Posted  by 

Drivers Xsens

Find instrument drivers that are available for this instrument for use in LabVIEW, LabWindows/CVI, or Measurement Studio. Example programs are included with most instrument driver downloads. Autoware::drivers::xsensnodes::XsensCommonNode Class Template Reference.

Note
SW Release Applicability: This sample is available in both NVIDIA DriveWorks and NVIDIA DRIVE Software releases.

Drivers Seniority

The GPS Location Logger sample works with any serial port (UART) based GPS sensor or with the Xsens GPS device connected over USB. The logger requires the GPS sensor connected over serial port to deliver messages in NMEA format, while the Xsens device can run in proprietary mode.

Interfacing with sensors

Driver sensor

The Xsens MTi driver uses Public Xsens Device API for scanning, connecting, packet parsing and log file handling. The implemention of this driver is done in C/C, so you can build and run it on a different platforms. Yarp drivers for the Xsens MVN system. Xsens MVN SDK (4.2) YARP = 2.3.68; Architecture. The driver is implemented with two devices (currently available only on Windows due to restrictions of the Xsens SDK): xsensmvn: is the proper device. It is responsible to open the xsens xme.dll and connect to the suit.

Serial

Consumer grade off-the-shelf GPS sensors, also known as GPS mice (e.g., Garmin GPS), are usually connected over USB and implement a serial-to-USB connection with the help of FTDI devices. The Xsens GPS device can be connected through a serial-to-USB connection.

On Linux, these sensors can then be reached over the /dev/ttyUSB or /dev/ttyACM devices. Before trying out the sample, ensure the user has access to the serial device. You can do so by trying to read from the device e.g. with cat /dev/ttyACMx, and if permission is denied, add the current user to the dialout group and then log out/in again:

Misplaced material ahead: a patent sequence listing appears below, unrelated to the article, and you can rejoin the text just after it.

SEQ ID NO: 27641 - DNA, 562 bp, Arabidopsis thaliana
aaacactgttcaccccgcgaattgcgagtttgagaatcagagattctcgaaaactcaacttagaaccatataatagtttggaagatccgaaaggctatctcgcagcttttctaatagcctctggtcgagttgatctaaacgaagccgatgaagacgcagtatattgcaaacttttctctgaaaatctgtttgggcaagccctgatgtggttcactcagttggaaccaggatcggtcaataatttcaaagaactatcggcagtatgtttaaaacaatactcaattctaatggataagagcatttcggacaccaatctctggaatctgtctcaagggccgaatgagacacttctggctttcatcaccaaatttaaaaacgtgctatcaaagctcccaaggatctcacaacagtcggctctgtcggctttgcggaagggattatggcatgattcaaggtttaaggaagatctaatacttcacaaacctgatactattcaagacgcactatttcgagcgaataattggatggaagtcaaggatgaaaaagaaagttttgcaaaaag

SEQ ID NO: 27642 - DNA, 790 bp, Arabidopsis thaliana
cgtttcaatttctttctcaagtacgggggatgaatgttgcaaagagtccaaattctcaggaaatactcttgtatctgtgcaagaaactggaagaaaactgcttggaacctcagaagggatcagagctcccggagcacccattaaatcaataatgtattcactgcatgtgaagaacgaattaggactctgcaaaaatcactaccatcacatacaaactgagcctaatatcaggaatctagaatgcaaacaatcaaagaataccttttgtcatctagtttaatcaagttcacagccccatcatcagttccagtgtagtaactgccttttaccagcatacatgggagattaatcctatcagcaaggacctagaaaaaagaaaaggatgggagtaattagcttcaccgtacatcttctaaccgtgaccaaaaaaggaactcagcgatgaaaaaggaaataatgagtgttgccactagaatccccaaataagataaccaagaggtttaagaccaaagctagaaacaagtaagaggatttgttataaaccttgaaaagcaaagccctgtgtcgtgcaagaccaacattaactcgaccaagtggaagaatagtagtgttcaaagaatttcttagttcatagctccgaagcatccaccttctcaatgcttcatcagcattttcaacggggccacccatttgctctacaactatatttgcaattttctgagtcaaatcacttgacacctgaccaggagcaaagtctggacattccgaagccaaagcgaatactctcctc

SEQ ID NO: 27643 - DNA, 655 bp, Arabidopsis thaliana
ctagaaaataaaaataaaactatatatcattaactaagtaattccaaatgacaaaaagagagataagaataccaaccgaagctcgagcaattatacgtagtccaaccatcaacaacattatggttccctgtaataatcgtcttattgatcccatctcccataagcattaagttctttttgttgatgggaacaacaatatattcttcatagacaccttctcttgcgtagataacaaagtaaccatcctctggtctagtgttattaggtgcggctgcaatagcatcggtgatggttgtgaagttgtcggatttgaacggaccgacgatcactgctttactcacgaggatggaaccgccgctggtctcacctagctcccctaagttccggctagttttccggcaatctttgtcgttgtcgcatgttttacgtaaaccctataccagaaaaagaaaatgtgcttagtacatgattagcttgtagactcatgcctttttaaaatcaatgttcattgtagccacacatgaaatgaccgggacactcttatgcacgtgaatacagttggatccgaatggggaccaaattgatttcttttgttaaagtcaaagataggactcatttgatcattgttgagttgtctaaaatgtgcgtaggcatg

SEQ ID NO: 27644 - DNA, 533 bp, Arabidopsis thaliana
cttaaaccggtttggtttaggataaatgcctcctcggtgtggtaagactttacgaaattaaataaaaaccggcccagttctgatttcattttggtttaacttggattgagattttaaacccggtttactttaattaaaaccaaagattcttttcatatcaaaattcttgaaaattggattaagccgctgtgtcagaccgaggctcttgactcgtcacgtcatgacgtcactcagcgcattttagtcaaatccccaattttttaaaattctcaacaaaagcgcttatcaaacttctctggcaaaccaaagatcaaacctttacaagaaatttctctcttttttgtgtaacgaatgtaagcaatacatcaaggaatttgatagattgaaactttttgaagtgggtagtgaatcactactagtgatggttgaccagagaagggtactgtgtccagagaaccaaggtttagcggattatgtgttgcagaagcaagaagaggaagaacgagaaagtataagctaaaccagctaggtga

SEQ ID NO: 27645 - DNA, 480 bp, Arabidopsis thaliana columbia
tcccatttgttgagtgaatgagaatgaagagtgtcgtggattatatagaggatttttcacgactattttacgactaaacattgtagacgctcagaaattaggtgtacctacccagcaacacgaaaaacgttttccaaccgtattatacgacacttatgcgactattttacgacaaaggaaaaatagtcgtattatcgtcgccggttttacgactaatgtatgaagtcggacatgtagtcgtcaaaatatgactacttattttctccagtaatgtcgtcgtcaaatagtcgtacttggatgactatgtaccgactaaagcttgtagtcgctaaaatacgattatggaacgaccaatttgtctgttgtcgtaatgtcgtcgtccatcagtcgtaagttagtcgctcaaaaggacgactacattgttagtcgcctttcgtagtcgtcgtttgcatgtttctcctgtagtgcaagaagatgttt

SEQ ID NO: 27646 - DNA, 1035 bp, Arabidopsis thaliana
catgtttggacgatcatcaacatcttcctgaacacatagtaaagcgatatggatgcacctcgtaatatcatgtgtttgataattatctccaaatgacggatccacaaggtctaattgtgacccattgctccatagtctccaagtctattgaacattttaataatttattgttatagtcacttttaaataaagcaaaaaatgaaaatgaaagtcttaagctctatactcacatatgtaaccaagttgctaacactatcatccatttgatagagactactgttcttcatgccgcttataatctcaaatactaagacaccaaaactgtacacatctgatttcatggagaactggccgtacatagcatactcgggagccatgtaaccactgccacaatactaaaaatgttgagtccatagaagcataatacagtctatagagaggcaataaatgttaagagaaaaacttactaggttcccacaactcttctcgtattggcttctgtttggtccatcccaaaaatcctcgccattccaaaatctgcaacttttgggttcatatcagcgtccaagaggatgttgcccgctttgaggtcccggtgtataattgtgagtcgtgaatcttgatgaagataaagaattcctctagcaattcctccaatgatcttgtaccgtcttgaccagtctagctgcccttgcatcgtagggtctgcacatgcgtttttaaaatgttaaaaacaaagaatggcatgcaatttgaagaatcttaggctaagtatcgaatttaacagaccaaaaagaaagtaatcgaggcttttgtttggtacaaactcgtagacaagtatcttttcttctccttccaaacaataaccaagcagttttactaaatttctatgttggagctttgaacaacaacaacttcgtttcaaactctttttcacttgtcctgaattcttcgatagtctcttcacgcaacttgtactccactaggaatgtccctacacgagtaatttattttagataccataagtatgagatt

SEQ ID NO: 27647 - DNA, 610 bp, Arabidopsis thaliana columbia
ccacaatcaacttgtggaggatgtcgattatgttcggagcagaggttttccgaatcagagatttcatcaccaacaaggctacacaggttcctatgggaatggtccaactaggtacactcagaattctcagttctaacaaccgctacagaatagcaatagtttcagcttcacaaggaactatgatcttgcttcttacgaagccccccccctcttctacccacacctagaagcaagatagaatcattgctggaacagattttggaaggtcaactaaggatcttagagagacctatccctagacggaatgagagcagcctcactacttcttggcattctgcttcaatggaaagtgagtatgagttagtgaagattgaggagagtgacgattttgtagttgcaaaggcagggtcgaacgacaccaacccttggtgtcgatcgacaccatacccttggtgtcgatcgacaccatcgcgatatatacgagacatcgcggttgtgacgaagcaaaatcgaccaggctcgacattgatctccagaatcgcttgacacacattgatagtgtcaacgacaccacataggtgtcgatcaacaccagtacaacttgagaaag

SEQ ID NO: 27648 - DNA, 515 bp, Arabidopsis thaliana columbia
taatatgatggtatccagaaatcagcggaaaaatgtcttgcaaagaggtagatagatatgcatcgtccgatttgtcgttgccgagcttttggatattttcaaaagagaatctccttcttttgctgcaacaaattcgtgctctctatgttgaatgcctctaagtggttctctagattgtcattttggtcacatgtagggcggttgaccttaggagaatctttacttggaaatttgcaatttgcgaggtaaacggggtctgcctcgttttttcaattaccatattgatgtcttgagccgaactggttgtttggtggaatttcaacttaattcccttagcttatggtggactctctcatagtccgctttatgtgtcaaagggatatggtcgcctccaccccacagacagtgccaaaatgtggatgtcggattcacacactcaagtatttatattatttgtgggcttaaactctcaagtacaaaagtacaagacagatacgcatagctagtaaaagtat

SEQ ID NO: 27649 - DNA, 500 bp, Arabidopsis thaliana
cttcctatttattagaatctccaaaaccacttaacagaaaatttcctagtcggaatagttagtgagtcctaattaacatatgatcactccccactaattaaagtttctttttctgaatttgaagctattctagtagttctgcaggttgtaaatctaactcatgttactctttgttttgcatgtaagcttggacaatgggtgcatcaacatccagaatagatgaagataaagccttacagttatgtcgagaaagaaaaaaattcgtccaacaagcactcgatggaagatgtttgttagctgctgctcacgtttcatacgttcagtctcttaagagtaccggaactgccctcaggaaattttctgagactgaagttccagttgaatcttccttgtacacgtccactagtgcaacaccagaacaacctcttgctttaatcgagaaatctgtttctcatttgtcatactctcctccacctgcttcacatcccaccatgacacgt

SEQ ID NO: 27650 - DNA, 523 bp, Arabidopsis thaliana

On QNX, prior to accessing the device, launch the dev-serusb driver as follows:

The serial devices can the be reached over the /dev/serusb devices.

Xsens USB

The Xsens GPS device can also be connected directly over USB, but is only supported on Linux.

The GPS Location Logger sample, sample_gps_logger, accepts the following parameters:

Where:

Note
For a full list of key/value pairs that can be passed to –params see Sensor Enumeration Sample .

Examples

NMEA format

For serial devices transmitting messages in NMEA format, use the gps.uart driver. For example:

Drivers Sennheiser Headphones

Per default, if no baud parameter has been provided the gps.uart driver assumes a baudrate of 9600. In order to change the baudrate provide baud argument as:

On QNX, the baudrate is set when starting devc-serusb. The baud parameter will be ignored.

Xsens proprietary format

The sample supports reading GPS packets from a Xsens device through the gps.xsens driver. To run the sample using Xsens over USB device use:

Where device=0 parameter sets the index of the Xsens device (usually 0 if only one device is installed) and frequency=100 sets the frequency in [Hz] this device should operate with.

Driver sensitivity

To run the sample using Xsens over serial use:

Please note that even if the Xsens device is a shared device, like Xsens MTi-G-700, capable of delivering GPS and IMU packets, only the GPS packets will be parsed by the gps.xsens driver.

Note
If the device is connected to Xavier UART you need also specify –stop-bits=1

Sensor sharing

The sample also demonstrates how sensor sharing can be implemented. Two NVIDIA® DriveWorks GPS sensors are created from the same hardware device. Both sensor can be then treated independently. Both sensors would deliver exactly the same set of packets. Each sensor is using, however, their own FIFO hence they can be drained at different rates. The output of both sensors is printed to the console:

The index [0], [1] indicates what sensor produced the output. As expected the data packets and their timestamps are equal.

Any valid GPS message that is received results in an output on the console similar to:

Where the first number indicates the timestamp of the received GPS message in microseconds and the rest of the line indicates the geographical location of the sensor.

If no parameters are provided, the sample starts a virtual GPS sensor and interprets the content from the file located at data/samples/sensors/gps/1.gps as GPS input.

For more details see GPS .